Give athletes of legal adult age the choice to juice or inject as they so please. Require those athletes to go public and make them wear an asterisk next to their Nike, Reebok or adidas running gear. Then, etch the asterisk into their gold medals. Heck, make those athletes run in ‘juiced’ competitions…

Don’t punish athletes for allowing themselves to be sacrificial lambs in their tortured pursuit of happiness. Let them and their supporters stand boldly before the world for their decisions.”

June 9, 2008


Abdul-Karim Al-Jabbar (formerly known as Sharmon Shah and Karim Abdul-Jabbar), former National Football League (NFL) running back, was quoted as having said the following in a Sep. 7, 2006 ESPN The Magazine article titled “HGH: Performance Enhancer or Healer”:

“([G]rowth hormone) is [used] more to recover from injury… I haven’t heard of growth hormone giving you strength… The bottom line is we get beat the hell up. We need whatever’s available to keep ourselves out there… I think anything that’s helpful should be legal, because when you’re done, they fold you up and say goodbye.”

Sep. 7, 2006


Rick Ross, Slip-N-Slide Records rapper, stated in a Mar. 25, 2008 interview titled “Rick Ross Supports Cheating Obama and HGH,” posted on the You Been Blinded website:

“What’s wrong with a little HGH? You’re 35 years old, let’s take Shaq for instance. That’s my best friend. His hip, his knee… He’s 30 something years, jumpin’ up and down. What’s wrong with a little HGH?

C’mon, yall know Mark McGuire was only hitting 15 home runs a year, then overnight they went to 60 a season… But he did it for the game. I stopped watching baseball til HGH came back. So y’all gotta keep it real. What y’all wanna do? Y’all wanna get money, y’all wanna sell hotdogs, y’all wanna sell memorabilia, gotta hit home runs.”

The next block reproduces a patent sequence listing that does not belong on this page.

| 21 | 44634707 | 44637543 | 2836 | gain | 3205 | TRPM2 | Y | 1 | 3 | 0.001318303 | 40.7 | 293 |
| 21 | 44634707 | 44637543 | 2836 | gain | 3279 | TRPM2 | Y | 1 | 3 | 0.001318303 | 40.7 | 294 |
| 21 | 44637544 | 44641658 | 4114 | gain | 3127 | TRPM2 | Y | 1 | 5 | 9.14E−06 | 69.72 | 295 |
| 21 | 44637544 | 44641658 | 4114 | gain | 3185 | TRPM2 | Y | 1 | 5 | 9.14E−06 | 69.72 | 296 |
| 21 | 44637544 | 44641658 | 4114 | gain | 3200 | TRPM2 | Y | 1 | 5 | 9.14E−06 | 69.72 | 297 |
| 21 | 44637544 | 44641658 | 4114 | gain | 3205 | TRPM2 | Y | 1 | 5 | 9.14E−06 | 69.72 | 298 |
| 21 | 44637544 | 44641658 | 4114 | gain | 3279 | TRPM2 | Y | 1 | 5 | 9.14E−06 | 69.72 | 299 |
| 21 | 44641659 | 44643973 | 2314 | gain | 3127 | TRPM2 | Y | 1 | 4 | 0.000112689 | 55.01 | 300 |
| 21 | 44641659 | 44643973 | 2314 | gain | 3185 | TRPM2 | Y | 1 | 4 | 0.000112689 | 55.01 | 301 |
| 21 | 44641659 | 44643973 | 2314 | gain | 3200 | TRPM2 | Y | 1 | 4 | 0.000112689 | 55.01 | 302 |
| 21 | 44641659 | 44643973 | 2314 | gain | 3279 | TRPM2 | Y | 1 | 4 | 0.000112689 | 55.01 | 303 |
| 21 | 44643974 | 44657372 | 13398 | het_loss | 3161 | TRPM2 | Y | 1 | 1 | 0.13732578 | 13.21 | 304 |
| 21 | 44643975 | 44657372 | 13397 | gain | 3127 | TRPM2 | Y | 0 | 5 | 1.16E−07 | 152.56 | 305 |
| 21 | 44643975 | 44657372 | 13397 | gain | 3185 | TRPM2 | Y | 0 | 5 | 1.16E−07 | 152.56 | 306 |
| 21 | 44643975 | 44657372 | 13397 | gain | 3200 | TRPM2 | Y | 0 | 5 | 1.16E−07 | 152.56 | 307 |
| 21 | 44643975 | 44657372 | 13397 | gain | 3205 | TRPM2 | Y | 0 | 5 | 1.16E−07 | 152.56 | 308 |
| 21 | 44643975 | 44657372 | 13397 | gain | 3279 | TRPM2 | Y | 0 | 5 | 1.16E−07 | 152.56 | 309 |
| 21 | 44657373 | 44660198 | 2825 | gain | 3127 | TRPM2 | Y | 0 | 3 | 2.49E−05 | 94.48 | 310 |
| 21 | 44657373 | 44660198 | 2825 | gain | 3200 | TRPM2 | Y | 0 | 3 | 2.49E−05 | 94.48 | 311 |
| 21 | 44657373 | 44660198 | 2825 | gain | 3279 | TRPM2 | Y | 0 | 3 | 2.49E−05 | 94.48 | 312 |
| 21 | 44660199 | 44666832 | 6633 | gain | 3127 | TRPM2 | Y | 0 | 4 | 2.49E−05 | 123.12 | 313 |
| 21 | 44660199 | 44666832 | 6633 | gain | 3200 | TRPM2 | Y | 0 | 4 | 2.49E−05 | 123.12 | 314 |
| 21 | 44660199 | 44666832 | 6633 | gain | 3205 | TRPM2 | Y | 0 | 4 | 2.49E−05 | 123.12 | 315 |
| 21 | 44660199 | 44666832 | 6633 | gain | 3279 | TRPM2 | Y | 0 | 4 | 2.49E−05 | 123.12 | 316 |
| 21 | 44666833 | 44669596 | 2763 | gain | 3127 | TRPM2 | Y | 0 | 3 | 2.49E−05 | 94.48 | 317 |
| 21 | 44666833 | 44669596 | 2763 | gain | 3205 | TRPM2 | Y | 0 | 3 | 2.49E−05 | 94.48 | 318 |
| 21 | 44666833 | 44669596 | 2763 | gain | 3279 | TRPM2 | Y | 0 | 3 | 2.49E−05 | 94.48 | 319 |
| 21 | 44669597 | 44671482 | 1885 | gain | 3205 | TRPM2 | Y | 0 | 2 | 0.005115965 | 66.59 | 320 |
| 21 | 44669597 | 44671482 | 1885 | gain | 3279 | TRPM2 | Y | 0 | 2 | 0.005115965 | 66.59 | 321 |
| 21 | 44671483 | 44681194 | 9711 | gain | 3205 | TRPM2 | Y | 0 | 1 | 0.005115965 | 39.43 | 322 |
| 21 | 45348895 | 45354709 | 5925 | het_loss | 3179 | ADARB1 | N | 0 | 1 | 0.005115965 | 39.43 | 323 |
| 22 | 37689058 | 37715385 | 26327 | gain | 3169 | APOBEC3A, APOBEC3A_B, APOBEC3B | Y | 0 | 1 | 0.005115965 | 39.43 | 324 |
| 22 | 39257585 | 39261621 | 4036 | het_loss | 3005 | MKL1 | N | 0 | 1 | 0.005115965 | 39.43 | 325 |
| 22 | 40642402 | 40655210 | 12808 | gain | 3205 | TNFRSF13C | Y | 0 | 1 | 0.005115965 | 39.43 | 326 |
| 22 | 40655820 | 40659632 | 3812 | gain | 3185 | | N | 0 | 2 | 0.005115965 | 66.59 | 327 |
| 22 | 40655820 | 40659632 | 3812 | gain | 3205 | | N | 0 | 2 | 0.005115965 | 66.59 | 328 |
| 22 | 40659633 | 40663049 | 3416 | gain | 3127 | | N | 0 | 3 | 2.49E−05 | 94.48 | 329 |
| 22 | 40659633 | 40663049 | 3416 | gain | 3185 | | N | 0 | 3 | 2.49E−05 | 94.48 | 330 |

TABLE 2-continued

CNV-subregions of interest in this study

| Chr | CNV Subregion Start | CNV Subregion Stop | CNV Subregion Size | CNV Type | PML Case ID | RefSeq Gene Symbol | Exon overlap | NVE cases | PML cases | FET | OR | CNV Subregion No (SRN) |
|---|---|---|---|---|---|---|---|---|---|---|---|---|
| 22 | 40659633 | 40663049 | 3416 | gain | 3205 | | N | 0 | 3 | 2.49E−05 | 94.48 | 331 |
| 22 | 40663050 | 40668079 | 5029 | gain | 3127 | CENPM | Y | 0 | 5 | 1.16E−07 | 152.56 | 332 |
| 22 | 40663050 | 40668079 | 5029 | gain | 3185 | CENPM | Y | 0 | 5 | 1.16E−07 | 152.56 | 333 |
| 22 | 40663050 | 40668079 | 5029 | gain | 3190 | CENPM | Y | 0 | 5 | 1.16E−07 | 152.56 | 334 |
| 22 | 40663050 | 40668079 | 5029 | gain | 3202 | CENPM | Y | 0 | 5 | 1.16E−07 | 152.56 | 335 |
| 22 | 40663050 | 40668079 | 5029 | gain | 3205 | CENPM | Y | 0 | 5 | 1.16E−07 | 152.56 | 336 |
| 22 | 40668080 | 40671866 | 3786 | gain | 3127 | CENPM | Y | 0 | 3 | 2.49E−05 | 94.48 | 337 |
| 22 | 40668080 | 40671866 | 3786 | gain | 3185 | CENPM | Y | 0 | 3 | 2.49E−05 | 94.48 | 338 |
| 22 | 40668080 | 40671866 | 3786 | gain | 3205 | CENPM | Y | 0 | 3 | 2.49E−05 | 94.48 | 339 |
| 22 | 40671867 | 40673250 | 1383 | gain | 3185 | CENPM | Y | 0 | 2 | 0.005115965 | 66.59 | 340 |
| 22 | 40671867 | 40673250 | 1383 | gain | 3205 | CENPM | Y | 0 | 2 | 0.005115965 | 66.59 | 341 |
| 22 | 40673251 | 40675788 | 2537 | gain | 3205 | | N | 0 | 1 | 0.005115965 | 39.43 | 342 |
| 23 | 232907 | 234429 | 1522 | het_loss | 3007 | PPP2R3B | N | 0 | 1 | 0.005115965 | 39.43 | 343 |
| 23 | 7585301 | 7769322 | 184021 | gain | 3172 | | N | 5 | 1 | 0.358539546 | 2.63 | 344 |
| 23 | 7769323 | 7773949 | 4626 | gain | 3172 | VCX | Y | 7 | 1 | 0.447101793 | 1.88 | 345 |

Mar. 25, 2008


The Institute of Sociological Research, an Israeli organization that publishes articles on various topics, wrote the following information in the article “Why Is HGH Illegal in Sports?” (accessed Dec. 15, 2008):

“[T]here is a clear difference between steroids which gets you stronger and human growth hormone HGH which heals you. MLB needs to think about what [they’re] banning and take in consideration the health of [their] players. This can go out to all of the leagues in the professional sports business, especially high paid contact sports like football and hockey. HGH… can increase your recovery overall and… recovery speed. Star players who generate money and ticket stands… can get injured quickly. Human growth hormone is… highly recommendable if prescribed by a professional. Also… it can increase the muscle tissue and even make [muscles] stronger then before… Its positive effects can easily out weigh its side effects. In sports, it can be used to create a safe environment for contacts and injury extensions. If taken into consideration it can… extend careers in every sport.”

Dec. 15, 2008

CON (no)


Ann Snook, marketing writer at i-Sight Software, in an Apr. 10, 2019 article, “Doping in Sports: What it is and How to Stop it with Whistleblowing,” available at, stated:

“Doping in sports raises several ethical issues.

First off, using a prohibited substance can be dangerous to the athlete’s health. While they enhance performance in some ways, most of the banned substances also have negative side effects. From hormone imbalances to heart problems, there are reasons athletes shouldn’t use these substances unless directed by a doctor.